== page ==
Monday, June 20, 2016

Applied Kasuri I- Nassen Gasuri

Last week we began the Applied Kasuri course and the first technique to try was Nassen Gasuri. Nassen Gasuri is essentially a stencil kasuri, where the dye is applied directly to the warp on the loom. The stencils that were used in the past were cut from a paper made from mulberry leaves and smoked with persimmon juice and even though this paper is no longer manufactured there are still some stocks around. Today, a synthetic "paper" is available for the same purpose and lasts probably a little longer too. The back of the stencils are sprayed with glue and stuck to the warp. Acid dyes are applied with short bristled square brushes, and rubbed into the warp. A mixture of dye and meypro gum is made beforehand in small quantities and the right consistency is tested so as to make sure there are no bleeds. Too much meypro gum is not advised because when it dries it becomes very stiff. Before weaving a newly applied stencil it is very important that the dye is dry. A hairdryer is used to speed up the process. And that is it really.

I did not approach this project as an opportunity to improve my stencil cutting skills nor elaborate designs. Seeing as we were literally thrown into the deep end with regards the potential of this technique and had to produce designs before knowing its potential and limitations, I was more interested in learning what could be done and how. My design was very basic and that was ok. It allowed me not to concentrate on layout so much but technique and in the end I came up with a half tone approach that I am very happy with and has lots of potential as it can be used to replicate warp Kasuri. Very clever indeed.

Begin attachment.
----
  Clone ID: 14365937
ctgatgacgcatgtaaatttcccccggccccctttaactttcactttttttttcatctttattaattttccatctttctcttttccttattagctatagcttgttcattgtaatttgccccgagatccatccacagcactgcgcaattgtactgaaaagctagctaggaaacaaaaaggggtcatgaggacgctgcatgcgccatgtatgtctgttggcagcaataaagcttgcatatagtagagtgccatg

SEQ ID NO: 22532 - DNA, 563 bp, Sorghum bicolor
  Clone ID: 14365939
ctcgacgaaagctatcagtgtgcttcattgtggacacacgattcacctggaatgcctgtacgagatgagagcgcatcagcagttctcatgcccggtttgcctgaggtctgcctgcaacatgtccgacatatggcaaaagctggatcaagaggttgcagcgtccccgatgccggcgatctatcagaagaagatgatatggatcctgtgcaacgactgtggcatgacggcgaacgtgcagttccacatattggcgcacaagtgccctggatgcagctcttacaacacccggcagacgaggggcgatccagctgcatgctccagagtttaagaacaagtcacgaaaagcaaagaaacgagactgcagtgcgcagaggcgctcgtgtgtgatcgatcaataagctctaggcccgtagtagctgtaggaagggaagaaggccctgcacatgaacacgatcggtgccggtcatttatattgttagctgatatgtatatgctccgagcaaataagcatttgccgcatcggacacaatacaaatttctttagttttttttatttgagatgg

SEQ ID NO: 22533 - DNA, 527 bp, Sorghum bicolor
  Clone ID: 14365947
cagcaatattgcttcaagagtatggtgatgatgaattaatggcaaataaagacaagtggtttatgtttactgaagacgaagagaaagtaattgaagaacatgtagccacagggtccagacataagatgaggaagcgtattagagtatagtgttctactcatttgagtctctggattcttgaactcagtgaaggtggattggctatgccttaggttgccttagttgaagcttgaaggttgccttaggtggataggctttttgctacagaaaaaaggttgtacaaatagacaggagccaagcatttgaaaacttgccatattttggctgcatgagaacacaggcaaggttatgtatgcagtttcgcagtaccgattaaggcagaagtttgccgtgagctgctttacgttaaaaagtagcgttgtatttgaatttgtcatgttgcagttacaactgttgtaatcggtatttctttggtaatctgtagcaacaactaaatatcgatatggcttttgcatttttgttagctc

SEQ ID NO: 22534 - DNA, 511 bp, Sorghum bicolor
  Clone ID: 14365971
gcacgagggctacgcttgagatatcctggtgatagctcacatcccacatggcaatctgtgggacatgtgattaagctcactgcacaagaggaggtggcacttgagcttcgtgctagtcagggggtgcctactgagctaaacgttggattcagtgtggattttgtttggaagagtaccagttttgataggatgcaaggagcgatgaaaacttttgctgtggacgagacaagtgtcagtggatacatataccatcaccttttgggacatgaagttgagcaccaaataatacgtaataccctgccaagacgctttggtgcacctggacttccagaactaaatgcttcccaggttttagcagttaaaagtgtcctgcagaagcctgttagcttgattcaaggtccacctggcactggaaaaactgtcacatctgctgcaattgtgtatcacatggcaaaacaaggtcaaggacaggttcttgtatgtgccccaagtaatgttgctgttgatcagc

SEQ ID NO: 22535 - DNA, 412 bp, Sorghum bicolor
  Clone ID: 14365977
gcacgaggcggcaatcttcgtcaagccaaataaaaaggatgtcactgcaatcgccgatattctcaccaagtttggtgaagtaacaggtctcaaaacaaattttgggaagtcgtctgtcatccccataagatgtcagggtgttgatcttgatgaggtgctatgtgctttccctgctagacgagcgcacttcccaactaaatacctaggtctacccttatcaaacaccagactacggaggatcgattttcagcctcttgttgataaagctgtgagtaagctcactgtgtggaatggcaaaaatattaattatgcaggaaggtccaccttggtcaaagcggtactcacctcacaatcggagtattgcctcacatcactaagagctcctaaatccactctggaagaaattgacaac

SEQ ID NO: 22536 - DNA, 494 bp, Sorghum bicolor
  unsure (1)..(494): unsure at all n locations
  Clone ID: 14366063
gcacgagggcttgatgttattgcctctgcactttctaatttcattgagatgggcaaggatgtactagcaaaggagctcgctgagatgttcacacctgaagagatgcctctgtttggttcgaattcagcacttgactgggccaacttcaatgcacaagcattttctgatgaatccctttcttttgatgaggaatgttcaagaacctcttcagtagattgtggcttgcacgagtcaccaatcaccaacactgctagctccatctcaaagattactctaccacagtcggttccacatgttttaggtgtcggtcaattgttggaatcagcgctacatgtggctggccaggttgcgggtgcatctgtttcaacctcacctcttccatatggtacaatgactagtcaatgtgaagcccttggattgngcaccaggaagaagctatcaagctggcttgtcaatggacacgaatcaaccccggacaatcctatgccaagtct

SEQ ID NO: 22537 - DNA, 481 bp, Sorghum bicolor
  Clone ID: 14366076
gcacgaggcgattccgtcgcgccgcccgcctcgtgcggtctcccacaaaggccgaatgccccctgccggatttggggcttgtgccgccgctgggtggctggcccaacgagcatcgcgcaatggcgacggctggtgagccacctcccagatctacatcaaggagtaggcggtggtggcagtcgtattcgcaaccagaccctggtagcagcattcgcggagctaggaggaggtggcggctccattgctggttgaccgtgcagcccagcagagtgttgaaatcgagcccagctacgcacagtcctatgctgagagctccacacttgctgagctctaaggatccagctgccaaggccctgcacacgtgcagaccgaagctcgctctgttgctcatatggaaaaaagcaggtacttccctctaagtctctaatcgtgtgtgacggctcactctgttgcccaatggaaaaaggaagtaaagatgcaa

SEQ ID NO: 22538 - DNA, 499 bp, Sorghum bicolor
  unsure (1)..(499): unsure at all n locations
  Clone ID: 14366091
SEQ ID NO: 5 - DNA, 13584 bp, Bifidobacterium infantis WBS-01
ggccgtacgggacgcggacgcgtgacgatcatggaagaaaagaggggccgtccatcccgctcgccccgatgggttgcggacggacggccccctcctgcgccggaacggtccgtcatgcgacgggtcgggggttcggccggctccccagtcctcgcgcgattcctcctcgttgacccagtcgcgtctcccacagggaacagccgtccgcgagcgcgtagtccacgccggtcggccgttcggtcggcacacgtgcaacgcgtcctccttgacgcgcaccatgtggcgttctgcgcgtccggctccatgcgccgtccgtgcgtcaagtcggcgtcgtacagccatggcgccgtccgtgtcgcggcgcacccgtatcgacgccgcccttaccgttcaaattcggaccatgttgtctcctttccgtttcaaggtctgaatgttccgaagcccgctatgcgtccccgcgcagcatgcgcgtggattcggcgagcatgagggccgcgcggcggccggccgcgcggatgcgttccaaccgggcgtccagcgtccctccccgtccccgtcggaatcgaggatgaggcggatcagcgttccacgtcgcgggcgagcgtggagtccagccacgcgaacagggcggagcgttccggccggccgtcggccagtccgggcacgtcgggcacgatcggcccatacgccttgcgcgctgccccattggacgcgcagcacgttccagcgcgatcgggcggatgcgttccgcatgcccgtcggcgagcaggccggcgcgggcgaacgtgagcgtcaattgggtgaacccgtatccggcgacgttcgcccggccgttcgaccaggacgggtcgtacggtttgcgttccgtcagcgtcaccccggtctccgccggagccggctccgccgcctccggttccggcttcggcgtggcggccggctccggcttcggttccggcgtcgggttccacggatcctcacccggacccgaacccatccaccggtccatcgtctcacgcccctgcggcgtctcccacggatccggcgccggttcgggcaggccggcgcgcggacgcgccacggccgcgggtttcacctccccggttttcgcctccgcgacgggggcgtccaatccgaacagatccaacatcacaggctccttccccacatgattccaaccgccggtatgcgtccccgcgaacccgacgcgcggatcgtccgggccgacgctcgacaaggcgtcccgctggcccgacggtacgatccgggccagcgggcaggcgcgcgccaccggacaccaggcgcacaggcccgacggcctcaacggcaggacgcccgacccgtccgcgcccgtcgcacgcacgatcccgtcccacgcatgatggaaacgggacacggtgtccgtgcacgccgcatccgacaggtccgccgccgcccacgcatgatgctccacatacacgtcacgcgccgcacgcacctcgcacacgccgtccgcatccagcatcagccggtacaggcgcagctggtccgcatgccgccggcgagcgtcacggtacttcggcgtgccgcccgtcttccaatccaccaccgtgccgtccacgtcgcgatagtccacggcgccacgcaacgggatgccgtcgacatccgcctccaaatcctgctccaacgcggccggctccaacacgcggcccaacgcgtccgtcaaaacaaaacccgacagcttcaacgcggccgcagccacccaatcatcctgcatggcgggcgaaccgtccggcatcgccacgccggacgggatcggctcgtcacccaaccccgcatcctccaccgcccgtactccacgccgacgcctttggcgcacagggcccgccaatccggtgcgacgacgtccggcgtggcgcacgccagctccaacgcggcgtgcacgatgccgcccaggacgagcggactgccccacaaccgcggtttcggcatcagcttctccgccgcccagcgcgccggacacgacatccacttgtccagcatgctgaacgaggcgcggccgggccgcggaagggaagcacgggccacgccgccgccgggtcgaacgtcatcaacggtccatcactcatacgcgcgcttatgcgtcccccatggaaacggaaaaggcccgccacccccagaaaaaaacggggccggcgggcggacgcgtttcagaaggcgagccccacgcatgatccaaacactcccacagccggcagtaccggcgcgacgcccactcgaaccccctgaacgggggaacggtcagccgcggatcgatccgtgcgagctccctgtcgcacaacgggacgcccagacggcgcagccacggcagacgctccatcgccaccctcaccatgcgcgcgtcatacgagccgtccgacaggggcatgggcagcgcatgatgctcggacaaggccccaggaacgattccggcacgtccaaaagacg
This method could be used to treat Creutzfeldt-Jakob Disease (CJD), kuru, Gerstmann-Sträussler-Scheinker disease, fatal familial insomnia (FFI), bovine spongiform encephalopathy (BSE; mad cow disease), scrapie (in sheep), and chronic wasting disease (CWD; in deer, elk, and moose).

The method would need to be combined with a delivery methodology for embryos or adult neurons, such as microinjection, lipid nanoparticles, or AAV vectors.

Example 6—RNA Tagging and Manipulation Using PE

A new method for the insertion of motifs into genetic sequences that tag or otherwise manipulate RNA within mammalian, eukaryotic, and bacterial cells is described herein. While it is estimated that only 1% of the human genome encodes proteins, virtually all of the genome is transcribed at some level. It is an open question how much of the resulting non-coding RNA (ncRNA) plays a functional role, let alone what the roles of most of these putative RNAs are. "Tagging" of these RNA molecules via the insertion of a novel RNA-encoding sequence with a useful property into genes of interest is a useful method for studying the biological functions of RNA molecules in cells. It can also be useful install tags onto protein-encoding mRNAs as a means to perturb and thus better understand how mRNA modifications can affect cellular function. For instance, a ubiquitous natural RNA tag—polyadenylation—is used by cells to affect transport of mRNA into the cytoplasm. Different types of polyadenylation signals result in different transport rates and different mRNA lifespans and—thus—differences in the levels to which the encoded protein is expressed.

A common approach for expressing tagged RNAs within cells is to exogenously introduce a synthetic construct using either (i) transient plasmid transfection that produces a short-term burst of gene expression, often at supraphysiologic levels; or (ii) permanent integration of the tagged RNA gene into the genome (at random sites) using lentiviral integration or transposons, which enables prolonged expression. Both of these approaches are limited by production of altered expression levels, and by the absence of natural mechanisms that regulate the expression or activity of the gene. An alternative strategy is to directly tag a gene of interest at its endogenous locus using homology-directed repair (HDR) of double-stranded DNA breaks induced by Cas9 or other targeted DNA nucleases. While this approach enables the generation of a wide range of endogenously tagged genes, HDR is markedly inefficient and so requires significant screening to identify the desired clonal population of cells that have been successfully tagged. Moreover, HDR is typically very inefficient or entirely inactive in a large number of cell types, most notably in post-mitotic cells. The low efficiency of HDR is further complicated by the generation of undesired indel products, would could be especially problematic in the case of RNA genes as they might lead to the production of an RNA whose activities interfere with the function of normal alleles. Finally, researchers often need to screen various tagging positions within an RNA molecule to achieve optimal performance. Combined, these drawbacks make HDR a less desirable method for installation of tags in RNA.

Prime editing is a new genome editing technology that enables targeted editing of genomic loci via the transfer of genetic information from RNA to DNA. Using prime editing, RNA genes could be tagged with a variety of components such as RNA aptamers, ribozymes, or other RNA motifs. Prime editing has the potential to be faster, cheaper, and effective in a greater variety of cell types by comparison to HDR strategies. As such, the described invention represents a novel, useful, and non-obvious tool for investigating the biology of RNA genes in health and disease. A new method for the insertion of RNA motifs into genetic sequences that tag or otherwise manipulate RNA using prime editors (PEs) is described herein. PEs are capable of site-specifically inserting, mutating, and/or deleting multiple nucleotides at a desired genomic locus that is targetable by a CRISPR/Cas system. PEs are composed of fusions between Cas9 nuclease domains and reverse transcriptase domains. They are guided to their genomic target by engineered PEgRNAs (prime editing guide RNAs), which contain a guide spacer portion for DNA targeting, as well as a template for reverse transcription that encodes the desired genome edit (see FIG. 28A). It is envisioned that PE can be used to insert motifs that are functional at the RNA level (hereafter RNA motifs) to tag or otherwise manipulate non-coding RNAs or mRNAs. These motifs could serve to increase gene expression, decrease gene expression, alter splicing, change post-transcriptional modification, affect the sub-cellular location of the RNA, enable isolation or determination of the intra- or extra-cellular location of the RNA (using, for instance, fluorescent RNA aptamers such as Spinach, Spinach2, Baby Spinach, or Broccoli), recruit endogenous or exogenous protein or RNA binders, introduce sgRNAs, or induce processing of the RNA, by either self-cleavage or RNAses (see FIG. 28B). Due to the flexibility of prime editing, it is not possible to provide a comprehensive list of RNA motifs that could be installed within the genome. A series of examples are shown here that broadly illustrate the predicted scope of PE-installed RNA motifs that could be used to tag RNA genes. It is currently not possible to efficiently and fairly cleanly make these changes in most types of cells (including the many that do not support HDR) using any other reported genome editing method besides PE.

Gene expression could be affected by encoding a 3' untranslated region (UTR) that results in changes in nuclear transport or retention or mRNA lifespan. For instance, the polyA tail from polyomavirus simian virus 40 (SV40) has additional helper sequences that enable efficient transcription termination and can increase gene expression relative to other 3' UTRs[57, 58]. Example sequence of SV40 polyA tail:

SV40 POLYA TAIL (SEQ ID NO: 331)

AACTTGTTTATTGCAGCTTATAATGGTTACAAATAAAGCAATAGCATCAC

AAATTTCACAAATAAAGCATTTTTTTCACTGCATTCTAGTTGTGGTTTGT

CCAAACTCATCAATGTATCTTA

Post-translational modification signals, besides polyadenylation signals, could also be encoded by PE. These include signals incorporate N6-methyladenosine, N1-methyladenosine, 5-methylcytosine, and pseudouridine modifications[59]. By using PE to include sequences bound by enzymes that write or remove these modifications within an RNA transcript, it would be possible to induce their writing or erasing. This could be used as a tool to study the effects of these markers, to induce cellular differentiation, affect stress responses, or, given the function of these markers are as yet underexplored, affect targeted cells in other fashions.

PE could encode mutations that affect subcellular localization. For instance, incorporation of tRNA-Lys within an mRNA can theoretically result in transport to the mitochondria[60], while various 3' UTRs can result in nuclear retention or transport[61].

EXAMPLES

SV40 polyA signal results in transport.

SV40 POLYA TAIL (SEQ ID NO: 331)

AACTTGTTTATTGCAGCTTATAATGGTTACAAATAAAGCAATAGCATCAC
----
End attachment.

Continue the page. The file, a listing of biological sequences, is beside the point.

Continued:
To finish, the woven piece is taken off the loom and ironed, then rolled with interfacing fabric and steamed for 40 minutes. It is then rinsed with a solution, I cannot remember the name of now, to remove the meypro gum and then rinsed with cold water, spun and hung to dry.

To mark the end of this project and to seek some relief from saturday´s hot weather I decided to visit a small village close by called Ohara. It has many temples, I visited the Sanzen-In Temple and admired the beautifully manicured gardens and the hundred of varieties of moss. But the best part of this trip was that I found out that Ohara is famous for pickles and in particular Shiso dyed pickles. Shiso is a plant that belongs to the mint family and has the most amazing colour and flavour ever. To top it off you can get soft serve ice cream flavoured with it and even juice (cordial). I opted for the juice because I had just finished a green tea soft serve and you only have so much of the stuff. You can see above the juice I drank in its natural environment. They call it purple perrilla, I call it red perrila. It also comes in green, and I have seeds!!!!!


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